Escalante Petrified Forest
Escalante Petrified Forest
Randall Chapman | April 29th 2018 | Travel
In the hills above Escalante Utah, at an elevation around 6,000ft, lies a link to a time when dinosaurs roamed the earth. Here you can find a high concentration of exposed petrified trees dating back about 135-155million years ago, during the Jurassic Era. While it is not uncommon to find traces of petrified wood throughout the four corners states, it’s the consecration and quality that make this place special. There is approximately 5.5 million tons of petrified wood exposed in the park, though the trails only take you through a small sampling of it. This forest is not as expansive as the Petrified Forest National Park in Arizona but it is still a place worthy of visiting if you’re in the area. Other things that might draw you to the area are the town of Escalante, a mile or so away. This is where you will find the visitors center for the Grand Staircase-Escalante National Monument with Bryce Canyon National Park just 44 miles to the west. Hwy 12 is a National Scenic Byway that one should consider taking a week or two to explore, unfortunately I only had one day and this was the one stop I made.
The Escalante Petrified Forest State Park is adjacent to the Wide Hollow Reservoir which is used by the town of Escalante for irrigation but also offers fishing and other recreational activities. My initial plan was to hike the trail through the forest then kayak around the reservoir for a bit however the high winds and looming storm convinced me otherwise. For hiking trails there is one main loop with a guide by numbers pamphlet you can pick up at the visitors center when you pay for access. Off the main loop is a secondary loop, called the “Trail of Sleeping Rainbows”. This trail is significantly steeper but it is where you will see the most petrified wood and I highly recommend doing it. The whole hike with both loops is around 2 miles and dogs are allowed on leash.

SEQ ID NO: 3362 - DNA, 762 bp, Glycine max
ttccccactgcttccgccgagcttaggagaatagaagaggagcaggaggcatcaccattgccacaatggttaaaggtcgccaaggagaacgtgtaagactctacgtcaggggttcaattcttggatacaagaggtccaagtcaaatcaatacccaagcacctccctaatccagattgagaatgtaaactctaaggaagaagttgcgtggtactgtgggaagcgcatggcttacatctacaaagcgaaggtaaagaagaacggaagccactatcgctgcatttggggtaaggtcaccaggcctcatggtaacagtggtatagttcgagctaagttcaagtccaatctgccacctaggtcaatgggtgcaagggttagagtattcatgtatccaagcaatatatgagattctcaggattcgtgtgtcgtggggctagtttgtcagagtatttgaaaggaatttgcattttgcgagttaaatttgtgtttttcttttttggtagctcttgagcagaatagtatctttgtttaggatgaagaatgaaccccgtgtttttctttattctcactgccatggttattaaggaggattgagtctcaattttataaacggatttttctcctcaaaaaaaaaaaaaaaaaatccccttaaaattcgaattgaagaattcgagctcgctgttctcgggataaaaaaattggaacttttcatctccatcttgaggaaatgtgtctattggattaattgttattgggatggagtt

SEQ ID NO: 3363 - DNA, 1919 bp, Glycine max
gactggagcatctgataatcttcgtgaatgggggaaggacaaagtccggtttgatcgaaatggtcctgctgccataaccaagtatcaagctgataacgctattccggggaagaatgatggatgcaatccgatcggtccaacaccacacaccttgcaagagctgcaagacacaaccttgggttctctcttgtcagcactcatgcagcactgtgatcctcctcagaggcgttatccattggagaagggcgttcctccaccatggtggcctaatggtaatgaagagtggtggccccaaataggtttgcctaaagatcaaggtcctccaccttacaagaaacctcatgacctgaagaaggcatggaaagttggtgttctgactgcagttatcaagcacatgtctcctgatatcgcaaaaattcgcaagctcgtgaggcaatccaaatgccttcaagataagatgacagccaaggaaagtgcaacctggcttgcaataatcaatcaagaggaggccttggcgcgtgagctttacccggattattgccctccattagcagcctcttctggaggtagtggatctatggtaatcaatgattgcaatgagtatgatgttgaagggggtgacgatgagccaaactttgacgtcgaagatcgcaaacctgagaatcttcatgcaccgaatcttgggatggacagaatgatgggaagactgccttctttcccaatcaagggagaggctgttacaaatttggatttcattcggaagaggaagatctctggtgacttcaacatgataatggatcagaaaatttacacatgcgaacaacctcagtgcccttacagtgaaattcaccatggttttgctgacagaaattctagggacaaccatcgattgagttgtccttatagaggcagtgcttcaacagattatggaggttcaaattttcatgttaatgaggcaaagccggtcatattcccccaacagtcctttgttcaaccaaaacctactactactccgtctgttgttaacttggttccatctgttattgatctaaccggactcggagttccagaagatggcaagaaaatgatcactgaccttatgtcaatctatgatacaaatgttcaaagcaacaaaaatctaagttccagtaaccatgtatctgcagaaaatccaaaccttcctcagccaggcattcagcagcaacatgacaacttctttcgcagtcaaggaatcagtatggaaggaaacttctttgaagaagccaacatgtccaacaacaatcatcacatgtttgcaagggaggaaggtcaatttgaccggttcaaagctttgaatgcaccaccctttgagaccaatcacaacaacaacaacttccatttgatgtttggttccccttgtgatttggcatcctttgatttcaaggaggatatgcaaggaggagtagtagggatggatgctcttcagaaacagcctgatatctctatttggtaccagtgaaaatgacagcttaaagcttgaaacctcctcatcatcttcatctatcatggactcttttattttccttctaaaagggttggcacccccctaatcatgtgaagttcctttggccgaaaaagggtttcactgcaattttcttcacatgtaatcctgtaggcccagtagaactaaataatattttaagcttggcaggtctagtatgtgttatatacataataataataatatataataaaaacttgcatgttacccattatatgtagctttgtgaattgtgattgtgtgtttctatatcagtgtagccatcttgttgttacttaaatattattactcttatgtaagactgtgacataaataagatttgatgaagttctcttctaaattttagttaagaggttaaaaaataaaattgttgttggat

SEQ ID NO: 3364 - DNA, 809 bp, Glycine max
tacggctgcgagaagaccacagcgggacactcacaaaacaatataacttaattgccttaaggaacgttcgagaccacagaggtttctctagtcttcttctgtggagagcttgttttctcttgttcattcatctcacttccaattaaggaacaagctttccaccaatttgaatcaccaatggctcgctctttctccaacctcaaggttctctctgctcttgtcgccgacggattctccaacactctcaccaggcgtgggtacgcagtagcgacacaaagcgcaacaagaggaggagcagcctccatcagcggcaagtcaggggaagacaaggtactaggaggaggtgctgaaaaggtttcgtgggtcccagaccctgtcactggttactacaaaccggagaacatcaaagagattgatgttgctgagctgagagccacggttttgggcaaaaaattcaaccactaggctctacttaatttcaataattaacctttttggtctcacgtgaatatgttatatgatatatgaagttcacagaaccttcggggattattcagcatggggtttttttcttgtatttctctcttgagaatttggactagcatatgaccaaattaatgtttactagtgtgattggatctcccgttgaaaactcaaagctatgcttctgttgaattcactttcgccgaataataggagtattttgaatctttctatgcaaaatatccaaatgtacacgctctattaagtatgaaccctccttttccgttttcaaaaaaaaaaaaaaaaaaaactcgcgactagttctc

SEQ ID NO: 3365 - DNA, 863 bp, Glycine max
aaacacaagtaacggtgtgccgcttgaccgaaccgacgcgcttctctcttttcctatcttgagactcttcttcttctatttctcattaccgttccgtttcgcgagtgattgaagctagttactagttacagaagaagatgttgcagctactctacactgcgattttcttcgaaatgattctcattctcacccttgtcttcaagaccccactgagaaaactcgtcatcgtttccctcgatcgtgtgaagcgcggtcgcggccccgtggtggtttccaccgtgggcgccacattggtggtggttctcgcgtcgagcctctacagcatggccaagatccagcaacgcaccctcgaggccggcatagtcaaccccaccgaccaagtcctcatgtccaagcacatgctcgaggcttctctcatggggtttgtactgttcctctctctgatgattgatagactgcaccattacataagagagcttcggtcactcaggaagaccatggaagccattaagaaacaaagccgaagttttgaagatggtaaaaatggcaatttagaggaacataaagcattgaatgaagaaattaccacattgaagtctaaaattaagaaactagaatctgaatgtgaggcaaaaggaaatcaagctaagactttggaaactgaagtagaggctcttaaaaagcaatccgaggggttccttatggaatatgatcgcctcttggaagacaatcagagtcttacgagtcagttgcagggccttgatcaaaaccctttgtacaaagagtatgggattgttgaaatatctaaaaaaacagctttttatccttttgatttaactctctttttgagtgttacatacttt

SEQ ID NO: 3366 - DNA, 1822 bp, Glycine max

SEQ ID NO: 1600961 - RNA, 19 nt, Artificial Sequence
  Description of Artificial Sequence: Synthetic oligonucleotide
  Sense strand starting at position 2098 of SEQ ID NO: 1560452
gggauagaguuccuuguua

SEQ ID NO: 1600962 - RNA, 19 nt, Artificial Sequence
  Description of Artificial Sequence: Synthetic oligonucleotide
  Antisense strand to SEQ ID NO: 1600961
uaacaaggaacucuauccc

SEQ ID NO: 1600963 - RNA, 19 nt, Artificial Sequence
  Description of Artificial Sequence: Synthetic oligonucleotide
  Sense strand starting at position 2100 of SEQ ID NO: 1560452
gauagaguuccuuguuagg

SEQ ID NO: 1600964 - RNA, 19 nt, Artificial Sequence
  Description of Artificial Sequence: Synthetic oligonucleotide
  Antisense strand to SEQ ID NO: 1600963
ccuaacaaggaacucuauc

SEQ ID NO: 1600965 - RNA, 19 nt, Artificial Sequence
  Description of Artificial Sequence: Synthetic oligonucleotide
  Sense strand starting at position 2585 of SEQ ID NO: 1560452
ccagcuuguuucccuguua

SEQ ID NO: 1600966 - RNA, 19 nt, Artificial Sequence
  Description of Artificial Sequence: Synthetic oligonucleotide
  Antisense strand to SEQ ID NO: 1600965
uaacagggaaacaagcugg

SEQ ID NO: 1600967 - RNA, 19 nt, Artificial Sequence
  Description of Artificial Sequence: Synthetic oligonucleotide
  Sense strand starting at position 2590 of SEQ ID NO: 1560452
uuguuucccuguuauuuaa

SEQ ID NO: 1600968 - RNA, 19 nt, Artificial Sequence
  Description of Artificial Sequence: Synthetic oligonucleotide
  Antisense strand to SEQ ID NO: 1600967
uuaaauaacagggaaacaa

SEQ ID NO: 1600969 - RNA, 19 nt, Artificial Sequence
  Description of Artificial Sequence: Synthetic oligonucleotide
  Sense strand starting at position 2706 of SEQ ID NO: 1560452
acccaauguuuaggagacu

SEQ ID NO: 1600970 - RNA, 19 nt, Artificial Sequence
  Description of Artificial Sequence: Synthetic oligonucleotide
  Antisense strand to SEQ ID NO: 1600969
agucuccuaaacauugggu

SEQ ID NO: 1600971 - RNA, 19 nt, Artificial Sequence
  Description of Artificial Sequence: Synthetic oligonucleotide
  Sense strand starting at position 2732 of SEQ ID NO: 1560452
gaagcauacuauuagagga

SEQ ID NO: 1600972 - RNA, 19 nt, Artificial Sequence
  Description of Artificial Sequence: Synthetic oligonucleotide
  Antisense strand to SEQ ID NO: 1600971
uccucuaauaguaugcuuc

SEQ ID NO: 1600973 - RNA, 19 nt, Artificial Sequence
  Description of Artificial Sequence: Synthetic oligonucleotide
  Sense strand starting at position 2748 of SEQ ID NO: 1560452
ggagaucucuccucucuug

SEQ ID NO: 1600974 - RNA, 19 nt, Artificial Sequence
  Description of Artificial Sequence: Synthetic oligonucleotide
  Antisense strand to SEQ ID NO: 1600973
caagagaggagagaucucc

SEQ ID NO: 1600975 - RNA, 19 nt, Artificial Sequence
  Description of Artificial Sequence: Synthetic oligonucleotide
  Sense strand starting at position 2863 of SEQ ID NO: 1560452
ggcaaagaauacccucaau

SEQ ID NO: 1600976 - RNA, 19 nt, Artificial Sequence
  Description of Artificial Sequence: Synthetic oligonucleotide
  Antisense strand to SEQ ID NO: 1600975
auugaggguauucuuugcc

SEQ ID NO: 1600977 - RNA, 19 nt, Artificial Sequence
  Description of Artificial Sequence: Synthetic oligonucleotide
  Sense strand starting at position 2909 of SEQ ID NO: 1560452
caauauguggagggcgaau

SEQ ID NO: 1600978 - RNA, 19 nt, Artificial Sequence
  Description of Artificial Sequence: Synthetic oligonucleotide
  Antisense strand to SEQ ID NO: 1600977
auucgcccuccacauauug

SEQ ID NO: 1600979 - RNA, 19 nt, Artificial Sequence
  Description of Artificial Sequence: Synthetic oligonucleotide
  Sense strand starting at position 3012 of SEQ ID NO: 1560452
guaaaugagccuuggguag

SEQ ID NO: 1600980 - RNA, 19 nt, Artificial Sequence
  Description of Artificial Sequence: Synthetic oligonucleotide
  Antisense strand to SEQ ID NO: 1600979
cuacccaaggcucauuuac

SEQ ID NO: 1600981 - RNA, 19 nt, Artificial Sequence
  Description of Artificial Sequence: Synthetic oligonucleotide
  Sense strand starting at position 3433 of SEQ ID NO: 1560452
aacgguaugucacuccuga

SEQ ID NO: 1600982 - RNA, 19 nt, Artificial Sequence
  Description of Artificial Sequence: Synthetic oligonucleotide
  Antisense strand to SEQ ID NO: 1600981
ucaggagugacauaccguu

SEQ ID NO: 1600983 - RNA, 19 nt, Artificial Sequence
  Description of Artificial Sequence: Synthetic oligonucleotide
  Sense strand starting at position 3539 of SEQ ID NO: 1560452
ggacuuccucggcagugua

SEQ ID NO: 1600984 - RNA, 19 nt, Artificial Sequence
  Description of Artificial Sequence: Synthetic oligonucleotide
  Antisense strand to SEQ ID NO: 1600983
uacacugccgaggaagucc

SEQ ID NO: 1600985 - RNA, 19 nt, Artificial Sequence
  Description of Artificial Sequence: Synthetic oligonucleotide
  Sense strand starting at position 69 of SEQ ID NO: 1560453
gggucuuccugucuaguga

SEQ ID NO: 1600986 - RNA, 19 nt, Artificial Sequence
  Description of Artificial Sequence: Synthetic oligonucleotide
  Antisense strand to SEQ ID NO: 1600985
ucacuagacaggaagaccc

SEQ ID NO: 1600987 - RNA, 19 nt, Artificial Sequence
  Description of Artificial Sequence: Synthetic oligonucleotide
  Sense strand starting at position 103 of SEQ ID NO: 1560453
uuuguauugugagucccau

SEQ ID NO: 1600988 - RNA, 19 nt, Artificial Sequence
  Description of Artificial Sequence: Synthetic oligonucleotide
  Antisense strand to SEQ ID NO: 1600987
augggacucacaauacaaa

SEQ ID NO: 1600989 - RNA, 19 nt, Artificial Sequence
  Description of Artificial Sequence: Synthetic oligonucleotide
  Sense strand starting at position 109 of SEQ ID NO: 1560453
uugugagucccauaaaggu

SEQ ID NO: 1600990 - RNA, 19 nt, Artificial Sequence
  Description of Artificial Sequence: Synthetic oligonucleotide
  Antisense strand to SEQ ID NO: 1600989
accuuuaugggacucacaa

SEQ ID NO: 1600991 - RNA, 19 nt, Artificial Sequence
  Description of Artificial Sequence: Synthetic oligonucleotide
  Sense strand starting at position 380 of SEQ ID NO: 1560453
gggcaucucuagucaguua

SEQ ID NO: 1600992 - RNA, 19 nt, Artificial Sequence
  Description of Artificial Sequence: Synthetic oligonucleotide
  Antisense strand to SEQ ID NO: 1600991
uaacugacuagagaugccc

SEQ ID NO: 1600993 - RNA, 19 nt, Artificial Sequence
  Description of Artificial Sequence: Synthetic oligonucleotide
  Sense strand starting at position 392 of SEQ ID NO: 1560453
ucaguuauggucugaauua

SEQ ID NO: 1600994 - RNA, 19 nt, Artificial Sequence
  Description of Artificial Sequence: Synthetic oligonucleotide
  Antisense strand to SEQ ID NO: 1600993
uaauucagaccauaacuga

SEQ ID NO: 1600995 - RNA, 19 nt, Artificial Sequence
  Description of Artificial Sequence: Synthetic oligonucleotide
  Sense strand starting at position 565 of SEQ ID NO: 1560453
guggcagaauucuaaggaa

I didn’t intend on camping here but the campsite was full which kind of surprised me on a Thursday in mid-April. A year earlier I was camping at Fish Lake just north of here and was one of three people there. Being on Hwy 12 probably makes this place quite popular. If you plan to camp here I would make reservations in advance.
To help paint a picture of what the area was like when the trees were alive here’s an excerpt from the pamphlet.
“Imagine yourself in a large low floodplain similar to the Mississippi Delta area but with less foliage. To the north-west you could see towering volcanoes such as Mount St. Helens. To the East would be a large mountain range similar to the Sierra Nevada. It is the ancestral Rockies. You would be surrounded by large conifer trees, some more than 200 ft high. Nearby would be cycads, the ancestors of palm trees, and some ferns. One hundred fifty million years ago this region was near the equator, but our continent has since drifted north”
The climate and surroundings are much different now. With the North American Plate running into the Pacific Plate millions of years ago there was an uplift and this area is now 5,000 higher in elevation. It is now a high desert environment with much smaller Utah junipers and pinyon pines as well as desert shrubs and some cactus are scattered across the landscape. The Volcanos to the north-west are long since extinct and eroded away but their ash can be seen all around in the hill sides. It’s what gives the area the colors, the “painted desert” look. Less than 50 million years ago a volcano to the north blew covering the region with lava flows and boulders.
The trees that were buried in the flood plain long ago were buried in mud and ash in an oxygen-free environment. Minerals from the mud and ash with the help of ground water and pressure leached into the cells of the tree crystalizing them but keeping them intact. Some of the specimens here are quite remarkable, many of them still have the rings intact.